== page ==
Wednesday 24 January 2024, Flying Flags
18:00 GMT (Greenwich Mean Time)
Online talk, hosted on Zoom
Flags carry, quite literally, a visual language all their own. Vexillology and flag design has its own vocabulary and specialist terms: lovely words like badge, canton, charge, emblem, field and fimbriation. As (most) house flags were such simple examples of design, there is a lot of repetition of symbols and colours. Circles, squares, triangles–many follow aesthetic rules that have also been used in flag's sister field: heraldry. And their colours have significance too; a red flag, for example, is often a flag of protest. Many of the flags have one or two capital letters on them, which stand for names of companies–visible from a distance but also easy to change when company names changed. Flags are textile history, representative of good and sometimes bad human endeavours over the years. They're still instantly recognisable symbols, still relevant today, albeit in different form; think of the wide array of flag emojis available to our thumbs.
For this monthly online talk, we bring together historians, textile makers, union stewards and designers to explore the role of flags.
This talk is part of a series of four talks called Uncut Cloths. Get one talk free if you buy all four talks in this series at once. Add all four talks to the basket and the discount will automatically be applied.
Jakkai Siributr is known primarily for his textile and embroidery works, and his installations increasingly offer an element of audience participation. Siributr is concerned with the unofficial histories that have been written out of Thai account as well as intersections between personal and regional histories. He creates a delicate tension between his subject matter — ongoing conflict driven by nationalistic discrimination against minorities — and the visual sensuality of his chosen form and materials. More recently he has begun to work with various communities through embroidery workshops including refugees on the Thai-Myanmar border and the USA. He also worked with the Thai Government on a social developmental program in remote areas of Mozambique. Studying and residing in the USA for nearly ten years, Siributr earned his BA in Textiles/Fine Arts, at Indiana University Bloomington in 1992 and MS in Printed Textile Design at the Philadelphia University in 1996. He was an instructor at Thammasat University’s Faculty of Fine and Applied Arts from 1996-2003.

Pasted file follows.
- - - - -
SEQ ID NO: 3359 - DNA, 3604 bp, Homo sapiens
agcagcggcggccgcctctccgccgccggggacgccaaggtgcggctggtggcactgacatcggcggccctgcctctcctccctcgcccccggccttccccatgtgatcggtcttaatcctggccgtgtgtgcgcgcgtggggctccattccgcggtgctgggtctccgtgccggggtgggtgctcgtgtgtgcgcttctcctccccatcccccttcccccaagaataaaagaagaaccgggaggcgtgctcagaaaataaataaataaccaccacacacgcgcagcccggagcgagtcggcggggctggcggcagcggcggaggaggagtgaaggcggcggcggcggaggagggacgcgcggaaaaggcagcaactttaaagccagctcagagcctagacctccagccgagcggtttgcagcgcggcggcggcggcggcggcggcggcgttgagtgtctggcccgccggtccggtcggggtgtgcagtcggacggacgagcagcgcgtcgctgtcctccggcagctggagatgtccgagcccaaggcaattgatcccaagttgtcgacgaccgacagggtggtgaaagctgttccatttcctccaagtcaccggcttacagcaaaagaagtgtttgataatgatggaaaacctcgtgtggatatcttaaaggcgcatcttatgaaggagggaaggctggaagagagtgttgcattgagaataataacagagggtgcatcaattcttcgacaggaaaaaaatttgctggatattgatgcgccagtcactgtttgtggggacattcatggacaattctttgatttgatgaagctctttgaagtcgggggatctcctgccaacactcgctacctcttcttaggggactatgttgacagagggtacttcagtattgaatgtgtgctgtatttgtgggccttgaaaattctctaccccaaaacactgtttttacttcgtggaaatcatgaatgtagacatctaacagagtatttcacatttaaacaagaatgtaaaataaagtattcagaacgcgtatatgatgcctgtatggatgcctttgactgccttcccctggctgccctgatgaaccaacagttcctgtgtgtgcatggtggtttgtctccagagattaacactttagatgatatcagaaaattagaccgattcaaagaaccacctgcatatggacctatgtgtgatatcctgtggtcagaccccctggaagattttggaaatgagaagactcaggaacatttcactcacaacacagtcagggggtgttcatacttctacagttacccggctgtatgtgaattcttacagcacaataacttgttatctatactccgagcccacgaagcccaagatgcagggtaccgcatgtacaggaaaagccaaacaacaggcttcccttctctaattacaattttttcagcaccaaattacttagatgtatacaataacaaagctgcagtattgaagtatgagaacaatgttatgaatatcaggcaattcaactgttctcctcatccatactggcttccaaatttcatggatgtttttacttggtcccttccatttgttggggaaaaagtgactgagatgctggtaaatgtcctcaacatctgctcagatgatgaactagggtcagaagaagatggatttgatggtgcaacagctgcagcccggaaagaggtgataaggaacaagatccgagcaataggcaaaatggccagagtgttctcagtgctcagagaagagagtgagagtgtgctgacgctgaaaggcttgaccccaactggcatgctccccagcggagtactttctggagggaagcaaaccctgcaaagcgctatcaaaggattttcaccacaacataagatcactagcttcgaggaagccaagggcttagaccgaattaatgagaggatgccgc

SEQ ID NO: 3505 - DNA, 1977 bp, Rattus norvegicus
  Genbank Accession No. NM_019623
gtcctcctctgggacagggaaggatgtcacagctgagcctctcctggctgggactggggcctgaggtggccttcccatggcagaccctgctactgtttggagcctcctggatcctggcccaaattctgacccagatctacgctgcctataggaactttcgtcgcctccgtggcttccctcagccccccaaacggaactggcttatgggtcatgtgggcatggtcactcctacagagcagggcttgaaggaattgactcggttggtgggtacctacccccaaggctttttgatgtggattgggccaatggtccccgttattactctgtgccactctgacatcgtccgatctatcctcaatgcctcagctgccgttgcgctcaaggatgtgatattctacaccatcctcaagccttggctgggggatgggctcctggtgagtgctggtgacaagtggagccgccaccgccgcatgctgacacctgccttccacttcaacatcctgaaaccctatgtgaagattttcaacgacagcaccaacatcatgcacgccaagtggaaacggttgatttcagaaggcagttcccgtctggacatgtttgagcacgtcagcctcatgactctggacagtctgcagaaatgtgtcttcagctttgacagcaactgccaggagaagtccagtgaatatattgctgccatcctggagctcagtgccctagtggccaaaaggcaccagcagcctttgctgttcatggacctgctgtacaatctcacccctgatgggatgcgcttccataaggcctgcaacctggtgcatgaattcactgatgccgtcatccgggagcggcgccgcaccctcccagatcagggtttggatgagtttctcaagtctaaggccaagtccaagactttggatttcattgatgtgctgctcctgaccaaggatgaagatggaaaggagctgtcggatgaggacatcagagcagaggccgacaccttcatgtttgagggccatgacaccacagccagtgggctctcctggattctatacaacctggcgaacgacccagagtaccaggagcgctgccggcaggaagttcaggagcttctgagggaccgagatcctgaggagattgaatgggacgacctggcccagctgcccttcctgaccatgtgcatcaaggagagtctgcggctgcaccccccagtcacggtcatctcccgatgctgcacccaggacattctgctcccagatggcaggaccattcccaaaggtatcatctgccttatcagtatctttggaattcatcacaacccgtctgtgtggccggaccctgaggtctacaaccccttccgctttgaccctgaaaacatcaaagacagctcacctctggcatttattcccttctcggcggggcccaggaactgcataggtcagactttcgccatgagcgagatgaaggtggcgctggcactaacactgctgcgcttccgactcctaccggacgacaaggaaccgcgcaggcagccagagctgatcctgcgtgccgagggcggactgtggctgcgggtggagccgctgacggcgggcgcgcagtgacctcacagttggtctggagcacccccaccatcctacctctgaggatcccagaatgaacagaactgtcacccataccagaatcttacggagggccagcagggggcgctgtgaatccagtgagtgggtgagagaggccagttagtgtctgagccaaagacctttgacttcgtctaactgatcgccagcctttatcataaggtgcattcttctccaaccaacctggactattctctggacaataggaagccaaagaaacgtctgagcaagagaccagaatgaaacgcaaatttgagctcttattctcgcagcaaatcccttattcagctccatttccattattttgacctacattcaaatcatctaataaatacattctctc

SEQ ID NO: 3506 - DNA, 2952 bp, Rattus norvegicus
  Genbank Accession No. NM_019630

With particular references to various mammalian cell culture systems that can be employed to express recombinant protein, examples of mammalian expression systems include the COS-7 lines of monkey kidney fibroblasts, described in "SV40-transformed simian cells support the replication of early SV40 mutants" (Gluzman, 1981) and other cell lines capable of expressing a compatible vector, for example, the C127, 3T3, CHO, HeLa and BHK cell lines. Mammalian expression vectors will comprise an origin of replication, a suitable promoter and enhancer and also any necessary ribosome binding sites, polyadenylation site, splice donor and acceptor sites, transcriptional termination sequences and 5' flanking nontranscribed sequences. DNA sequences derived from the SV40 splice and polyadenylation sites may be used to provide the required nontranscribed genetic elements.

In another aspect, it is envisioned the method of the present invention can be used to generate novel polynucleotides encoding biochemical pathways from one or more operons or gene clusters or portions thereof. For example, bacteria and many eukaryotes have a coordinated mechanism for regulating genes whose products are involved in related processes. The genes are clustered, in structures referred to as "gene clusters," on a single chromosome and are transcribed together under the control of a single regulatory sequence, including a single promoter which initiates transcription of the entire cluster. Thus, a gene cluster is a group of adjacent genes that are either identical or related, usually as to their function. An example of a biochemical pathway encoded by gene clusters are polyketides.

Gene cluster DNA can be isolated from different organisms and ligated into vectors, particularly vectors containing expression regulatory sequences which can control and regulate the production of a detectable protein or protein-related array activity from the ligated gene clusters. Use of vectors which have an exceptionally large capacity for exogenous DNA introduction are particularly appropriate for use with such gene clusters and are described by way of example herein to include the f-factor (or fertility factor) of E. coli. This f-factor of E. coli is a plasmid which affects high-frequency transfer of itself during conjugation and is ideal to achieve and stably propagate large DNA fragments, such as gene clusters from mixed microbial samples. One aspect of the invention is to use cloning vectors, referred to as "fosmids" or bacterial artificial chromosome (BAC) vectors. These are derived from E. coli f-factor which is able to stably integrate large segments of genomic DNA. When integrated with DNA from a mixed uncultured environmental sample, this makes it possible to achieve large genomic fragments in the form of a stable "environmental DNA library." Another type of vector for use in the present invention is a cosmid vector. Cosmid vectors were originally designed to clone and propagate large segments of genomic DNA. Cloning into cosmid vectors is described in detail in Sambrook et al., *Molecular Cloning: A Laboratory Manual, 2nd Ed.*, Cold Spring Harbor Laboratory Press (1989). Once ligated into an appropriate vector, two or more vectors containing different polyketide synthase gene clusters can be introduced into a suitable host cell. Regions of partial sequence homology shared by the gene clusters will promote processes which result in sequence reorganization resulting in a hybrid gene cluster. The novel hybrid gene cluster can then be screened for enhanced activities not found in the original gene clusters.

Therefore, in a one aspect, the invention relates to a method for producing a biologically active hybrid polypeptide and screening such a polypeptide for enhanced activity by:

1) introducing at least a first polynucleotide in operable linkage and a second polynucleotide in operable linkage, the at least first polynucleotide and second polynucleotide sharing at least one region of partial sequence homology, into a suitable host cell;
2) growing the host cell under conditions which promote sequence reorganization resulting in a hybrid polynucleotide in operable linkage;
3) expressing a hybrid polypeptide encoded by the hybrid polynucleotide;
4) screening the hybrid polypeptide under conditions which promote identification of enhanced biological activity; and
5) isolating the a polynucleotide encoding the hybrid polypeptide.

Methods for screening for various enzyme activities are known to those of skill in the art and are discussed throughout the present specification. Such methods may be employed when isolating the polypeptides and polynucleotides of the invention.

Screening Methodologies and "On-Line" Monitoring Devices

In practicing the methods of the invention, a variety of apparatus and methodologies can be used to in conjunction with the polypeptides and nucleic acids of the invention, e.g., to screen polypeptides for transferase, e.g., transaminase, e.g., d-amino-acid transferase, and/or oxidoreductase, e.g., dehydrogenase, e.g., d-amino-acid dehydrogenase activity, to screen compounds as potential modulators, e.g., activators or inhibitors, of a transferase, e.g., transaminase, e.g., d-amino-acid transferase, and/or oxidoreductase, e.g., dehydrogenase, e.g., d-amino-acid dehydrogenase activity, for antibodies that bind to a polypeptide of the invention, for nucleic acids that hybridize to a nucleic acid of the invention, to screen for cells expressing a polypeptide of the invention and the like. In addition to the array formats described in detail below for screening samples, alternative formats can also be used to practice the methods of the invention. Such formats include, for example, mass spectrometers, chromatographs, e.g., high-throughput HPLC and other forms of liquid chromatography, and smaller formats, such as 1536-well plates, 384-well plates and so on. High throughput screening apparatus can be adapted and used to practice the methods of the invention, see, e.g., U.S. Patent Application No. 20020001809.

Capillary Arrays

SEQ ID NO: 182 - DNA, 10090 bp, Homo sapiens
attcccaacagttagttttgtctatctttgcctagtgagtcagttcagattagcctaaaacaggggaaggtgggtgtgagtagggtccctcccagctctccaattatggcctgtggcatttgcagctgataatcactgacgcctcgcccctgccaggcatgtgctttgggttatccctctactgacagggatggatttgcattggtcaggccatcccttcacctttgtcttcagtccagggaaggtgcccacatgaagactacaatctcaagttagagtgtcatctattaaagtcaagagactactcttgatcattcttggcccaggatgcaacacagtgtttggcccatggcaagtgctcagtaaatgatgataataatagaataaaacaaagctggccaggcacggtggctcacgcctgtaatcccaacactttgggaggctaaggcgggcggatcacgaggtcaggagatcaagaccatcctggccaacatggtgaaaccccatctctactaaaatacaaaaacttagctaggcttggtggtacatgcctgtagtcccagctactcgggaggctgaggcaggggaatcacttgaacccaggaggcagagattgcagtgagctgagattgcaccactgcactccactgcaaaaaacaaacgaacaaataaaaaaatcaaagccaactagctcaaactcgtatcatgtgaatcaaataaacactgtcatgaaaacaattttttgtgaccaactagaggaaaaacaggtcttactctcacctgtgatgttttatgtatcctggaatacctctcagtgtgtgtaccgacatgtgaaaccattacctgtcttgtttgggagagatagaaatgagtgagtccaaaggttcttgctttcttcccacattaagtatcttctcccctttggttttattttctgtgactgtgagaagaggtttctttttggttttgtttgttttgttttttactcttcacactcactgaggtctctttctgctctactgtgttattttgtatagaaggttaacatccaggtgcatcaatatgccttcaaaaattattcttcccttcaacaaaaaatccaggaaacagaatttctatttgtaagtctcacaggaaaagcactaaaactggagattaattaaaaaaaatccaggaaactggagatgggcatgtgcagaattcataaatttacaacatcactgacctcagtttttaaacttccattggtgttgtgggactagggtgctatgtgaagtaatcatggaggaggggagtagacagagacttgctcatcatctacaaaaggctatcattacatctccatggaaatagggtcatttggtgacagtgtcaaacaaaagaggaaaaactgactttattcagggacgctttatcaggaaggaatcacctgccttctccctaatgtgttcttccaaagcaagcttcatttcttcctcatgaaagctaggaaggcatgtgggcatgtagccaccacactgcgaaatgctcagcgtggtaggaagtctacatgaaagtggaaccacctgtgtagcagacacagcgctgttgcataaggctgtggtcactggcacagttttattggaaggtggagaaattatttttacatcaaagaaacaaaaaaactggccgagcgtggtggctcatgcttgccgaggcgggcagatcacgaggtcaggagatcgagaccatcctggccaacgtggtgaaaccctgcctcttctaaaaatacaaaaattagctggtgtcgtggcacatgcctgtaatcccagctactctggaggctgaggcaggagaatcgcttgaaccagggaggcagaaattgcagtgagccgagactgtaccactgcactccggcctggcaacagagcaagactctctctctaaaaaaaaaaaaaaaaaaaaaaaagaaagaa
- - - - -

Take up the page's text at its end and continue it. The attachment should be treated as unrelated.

Jean-Charles de Castelbajac is a visionary designer and artist who anticipated the foundations of what fashion is today by infusing art, sport, cartoons and collaborations within his designs.
All the artistic environments he touches on embody his passion for history, childhood, and poetry, as well as express his love for bright primary hues. One of the best examples of this, is the line he created for Pope John Paul II, 500 bishops and 5000 priests for World Youth Day in Paris in 1997.
During his career, he has worked with many artists such as Keith Haring, Robert
Mattlepthorpe and Lady Gaga.
Sue Prichard is Head Curator of Leeds Castle, and is responsible for caring for the Estate’s buildings and landscape as well as the important interiors created by French designers Armand-Albert Rateau and Stéphane Boudin. Her previous roles include Senior Curator at the Queen’s House, Greenwich and Curator of Modern and Contemporary Textiles at the V&A, where she developed her passion for mid-century design. She writes and lectures on fashion and textiles from 1900-1960, and has curated a number of exhibitions including the internationally successful ‘Quilts 1700-2010: Hidden Histories, Untold Stories’
Edmund Hall, more information to come...
Zoom details and recordings
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